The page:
Neanderthals lived in Eurasia alongside anatomically modern humans (AMHs) until some 40,000 years ago. The extinction of Neanderthals is attributed to either climatic change, or to the effect of competition with AMHs. We used fossil occurrence records and paleoclimatic data to model the potential distributions of H. sapiens and H. neanderthalensis using Species Distribution Models, and calculated the degree of habitat quality and connectivity at successive time steps. We found that both species potential geographic ranges progressively retreated from their northeastern borders beginning with 44 ka. Although the degree of habitat loss is similar for the two species, the potential range for H. sapiens was constantly some 50% larger on average. The degree of habitat fragmentation, and the size, number, and average distance between optimal habitat patches was initially very similar for the two species. However, all these landscape metrics showed a progressive deterioration for H. neanderthalensis only over time. At the end of their existence, the most suitable habitat patches for Neanderthals were small and isolated, and their inferred climatic niche width was statistically narrower than in H. sapiens. This does not mean that climate worsening drove Neanderthals extinct, yet it suggests extinction risk for the latter markedly increased over time, towards its actual extinction date. © 2018 Elsevier B.V.

Fragmentation of Neanderthals' pre-extinction distribution by climate change

Melchionna, M.;Carotenuto, F.;Castiglione, S.;Raia, P.
2018

Abstract

Neanderthals lived in Eurasia alongside anatomically modern humans (AMHs) until some 40,000 years ago. The extinction of Neanderthals is attributed to either climatic change, or to the effect of competition with AMHs. We used fossil occurrence records and paleoclimatic data to model the potential distributions of H. sapiens and H. neanderthalensis using Species Distribution Models, and calculated the degree of habitat quality and connectivity at successive time steps. We found that both species potential geographic ranges progressively retreated from their northeastern borders beginning with 44 ka. Although the degree of habitat loss is similar for the two species, the potential range for H. sapiens was constantly some 50% larger on average. The degree of habitat fragmentation, and the size, number, and average distance between optimal habitat patches was initially very similar for the two species. However, all these landscape metrics showed a progressive deterioration for H. neanderthalensis only over time. At the end of their existence, the most suitable habitat patches for Neanderthals were small and isolated, and their inferred climatic niche width was statistically narrower than in H. sapiens. This does not mean that climate worsening drove Neanderthals extinct, yet it suggests extinction risk for the latter markedly increased over time, towards its actual extinction date. © 2018 Elsevier B.V.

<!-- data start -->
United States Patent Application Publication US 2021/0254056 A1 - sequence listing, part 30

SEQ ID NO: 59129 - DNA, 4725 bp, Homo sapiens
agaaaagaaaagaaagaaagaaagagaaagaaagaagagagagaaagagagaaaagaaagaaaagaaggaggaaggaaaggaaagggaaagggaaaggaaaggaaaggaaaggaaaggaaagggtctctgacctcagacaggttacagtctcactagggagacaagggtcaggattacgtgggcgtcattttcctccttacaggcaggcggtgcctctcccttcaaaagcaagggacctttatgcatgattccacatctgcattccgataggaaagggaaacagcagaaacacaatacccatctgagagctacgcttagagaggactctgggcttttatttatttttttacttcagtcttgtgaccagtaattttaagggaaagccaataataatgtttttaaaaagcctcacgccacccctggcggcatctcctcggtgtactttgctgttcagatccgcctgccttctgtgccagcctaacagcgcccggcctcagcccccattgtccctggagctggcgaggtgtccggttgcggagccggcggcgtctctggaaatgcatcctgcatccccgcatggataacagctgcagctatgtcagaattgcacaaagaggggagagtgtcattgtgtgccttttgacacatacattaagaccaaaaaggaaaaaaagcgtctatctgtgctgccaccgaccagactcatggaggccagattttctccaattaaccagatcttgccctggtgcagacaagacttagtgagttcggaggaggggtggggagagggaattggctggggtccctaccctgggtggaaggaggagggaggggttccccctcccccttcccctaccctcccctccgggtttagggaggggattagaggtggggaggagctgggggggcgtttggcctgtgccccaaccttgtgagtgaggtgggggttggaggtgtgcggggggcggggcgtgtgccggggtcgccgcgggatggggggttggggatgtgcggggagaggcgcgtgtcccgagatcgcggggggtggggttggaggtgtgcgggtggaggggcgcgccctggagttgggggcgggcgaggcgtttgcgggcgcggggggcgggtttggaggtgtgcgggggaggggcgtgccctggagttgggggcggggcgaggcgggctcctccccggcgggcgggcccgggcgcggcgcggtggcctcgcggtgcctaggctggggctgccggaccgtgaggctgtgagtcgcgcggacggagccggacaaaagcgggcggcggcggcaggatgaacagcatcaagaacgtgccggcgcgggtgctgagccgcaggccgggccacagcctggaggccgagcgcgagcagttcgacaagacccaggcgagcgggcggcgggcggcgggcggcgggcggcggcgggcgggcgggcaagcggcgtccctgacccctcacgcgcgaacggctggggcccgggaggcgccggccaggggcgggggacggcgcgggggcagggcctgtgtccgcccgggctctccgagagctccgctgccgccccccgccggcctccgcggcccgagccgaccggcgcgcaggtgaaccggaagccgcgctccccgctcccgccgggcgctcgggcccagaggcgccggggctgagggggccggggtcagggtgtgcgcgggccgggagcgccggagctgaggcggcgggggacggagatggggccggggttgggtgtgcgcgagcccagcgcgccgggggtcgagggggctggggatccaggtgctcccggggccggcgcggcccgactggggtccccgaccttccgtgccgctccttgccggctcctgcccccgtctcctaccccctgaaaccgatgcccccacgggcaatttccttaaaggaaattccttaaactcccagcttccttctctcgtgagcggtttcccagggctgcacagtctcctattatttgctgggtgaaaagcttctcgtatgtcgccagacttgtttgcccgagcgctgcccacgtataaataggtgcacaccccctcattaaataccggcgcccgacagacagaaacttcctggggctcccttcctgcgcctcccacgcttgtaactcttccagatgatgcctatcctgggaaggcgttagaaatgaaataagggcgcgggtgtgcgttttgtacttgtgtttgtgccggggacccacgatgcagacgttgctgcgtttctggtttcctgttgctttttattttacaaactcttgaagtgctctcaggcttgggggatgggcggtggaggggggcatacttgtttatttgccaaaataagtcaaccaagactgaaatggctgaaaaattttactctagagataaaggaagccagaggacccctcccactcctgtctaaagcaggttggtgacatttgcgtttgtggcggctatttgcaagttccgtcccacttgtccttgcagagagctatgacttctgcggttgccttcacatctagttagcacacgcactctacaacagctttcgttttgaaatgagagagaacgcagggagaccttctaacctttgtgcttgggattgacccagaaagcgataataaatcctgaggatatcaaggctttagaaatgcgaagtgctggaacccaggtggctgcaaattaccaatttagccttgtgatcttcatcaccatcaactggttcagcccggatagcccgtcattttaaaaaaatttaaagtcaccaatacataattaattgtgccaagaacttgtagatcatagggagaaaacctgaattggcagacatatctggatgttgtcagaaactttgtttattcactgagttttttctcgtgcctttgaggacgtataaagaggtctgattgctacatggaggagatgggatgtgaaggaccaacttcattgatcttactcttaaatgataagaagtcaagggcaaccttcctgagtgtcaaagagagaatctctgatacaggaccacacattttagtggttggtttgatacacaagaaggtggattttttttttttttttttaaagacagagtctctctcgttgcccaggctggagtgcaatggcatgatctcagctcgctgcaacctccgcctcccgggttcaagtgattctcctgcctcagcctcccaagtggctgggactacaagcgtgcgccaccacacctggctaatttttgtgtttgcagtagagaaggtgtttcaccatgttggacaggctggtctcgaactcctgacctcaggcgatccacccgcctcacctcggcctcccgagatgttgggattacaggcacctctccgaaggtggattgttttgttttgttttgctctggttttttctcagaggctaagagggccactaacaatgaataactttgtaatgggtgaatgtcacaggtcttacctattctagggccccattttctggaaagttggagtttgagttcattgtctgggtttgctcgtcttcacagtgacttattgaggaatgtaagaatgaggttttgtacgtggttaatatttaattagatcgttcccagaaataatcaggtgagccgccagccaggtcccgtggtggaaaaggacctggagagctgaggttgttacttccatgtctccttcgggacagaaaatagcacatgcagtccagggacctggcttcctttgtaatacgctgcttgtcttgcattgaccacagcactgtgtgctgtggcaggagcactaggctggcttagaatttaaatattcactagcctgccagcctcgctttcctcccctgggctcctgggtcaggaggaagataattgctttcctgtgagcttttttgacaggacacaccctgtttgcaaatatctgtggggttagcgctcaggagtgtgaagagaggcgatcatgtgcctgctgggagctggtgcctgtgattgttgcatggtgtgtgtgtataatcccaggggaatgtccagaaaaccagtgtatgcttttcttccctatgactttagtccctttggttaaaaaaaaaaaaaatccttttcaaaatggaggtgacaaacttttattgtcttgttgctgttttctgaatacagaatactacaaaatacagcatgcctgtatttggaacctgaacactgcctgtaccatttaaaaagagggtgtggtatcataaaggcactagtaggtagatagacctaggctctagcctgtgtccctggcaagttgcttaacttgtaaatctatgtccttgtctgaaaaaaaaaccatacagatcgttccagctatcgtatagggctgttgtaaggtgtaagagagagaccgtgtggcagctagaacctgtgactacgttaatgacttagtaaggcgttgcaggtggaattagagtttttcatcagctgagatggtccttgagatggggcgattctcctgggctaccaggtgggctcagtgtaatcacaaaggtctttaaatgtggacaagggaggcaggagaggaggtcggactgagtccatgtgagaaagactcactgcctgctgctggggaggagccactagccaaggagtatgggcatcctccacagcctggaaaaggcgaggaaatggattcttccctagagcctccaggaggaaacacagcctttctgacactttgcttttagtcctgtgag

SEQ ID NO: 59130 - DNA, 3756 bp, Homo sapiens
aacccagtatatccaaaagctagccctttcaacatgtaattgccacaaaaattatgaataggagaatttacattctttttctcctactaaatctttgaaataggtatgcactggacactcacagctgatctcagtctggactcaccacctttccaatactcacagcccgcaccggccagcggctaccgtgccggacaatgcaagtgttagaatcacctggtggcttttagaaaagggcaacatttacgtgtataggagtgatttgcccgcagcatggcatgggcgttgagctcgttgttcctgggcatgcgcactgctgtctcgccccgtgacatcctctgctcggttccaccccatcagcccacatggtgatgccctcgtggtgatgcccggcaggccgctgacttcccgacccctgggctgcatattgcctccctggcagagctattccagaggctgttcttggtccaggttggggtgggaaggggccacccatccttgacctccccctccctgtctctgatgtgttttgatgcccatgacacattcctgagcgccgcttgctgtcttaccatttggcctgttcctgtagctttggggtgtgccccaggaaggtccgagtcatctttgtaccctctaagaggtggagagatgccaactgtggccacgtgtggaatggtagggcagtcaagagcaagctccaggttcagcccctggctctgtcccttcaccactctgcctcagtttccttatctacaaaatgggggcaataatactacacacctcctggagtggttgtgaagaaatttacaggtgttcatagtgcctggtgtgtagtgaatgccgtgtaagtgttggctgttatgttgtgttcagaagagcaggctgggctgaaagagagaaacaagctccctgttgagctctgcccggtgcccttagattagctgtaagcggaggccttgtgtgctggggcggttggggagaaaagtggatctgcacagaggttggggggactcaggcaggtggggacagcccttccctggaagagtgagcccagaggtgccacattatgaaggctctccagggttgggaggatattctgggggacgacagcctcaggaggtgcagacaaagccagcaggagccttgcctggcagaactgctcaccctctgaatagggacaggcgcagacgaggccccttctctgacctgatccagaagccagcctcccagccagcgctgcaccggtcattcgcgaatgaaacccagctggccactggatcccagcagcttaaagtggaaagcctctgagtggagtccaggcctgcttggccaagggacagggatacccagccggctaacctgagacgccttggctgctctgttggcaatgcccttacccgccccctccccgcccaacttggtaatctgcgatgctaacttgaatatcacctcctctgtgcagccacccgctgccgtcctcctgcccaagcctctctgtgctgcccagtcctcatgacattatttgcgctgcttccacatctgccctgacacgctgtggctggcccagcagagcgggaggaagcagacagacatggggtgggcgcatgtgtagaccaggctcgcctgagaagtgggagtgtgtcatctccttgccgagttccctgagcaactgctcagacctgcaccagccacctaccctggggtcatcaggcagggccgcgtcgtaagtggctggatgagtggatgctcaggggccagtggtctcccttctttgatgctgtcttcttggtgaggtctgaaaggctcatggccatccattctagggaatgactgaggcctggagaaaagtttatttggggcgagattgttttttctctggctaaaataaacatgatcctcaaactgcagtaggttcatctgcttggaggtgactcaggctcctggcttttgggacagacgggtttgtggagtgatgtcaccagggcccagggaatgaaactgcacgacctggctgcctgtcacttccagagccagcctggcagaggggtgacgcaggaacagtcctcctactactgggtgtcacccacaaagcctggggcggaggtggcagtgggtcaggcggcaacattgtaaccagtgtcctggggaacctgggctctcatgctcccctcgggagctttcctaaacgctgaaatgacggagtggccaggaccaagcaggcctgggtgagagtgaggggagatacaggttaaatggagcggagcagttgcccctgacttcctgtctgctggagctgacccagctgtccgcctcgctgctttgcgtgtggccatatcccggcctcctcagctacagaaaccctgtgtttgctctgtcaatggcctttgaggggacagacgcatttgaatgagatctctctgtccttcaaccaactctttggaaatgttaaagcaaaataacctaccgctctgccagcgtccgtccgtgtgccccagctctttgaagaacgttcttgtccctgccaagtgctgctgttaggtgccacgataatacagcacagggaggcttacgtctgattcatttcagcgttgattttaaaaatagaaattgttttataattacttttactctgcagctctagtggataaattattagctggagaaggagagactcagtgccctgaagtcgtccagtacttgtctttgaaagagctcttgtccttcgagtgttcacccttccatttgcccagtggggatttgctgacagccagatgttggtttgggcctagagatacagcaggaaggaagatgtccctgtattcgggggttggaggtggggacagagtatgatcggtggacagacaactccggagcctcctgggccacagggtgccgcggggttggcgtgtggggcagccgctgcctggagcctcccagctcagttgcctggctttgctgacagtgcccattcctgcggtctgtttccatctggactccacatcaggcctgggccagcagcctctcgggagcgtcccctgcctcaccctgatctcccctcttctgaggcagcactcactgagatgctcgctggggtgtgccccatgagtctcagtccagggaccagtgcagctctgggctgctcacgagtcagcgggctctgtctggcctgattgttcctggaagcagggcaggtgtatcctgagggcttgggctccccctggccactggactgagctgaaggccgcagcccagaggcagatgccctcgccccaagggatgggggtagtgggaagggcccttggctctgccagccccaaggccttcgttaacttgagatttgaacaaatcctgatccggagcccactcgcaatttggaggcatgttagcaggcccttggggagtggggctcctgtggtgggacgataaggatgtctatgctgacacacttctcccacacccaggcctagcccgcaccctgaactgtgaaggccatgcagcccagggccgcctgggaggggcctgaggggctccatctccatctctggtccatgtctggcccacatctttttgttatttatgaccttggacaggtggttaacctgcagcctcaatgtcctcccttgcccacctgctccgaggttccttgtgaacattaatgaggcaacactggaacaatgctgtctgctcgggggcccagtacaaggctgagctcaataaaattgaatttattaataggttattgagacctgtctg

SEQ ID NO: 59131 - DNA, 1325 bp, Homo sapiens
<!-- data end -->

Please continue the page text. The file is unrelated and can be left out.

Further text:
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Utilizza questo identificativo per citare o creare un link a questo documento: https://hdl.handle.net/11588/699963
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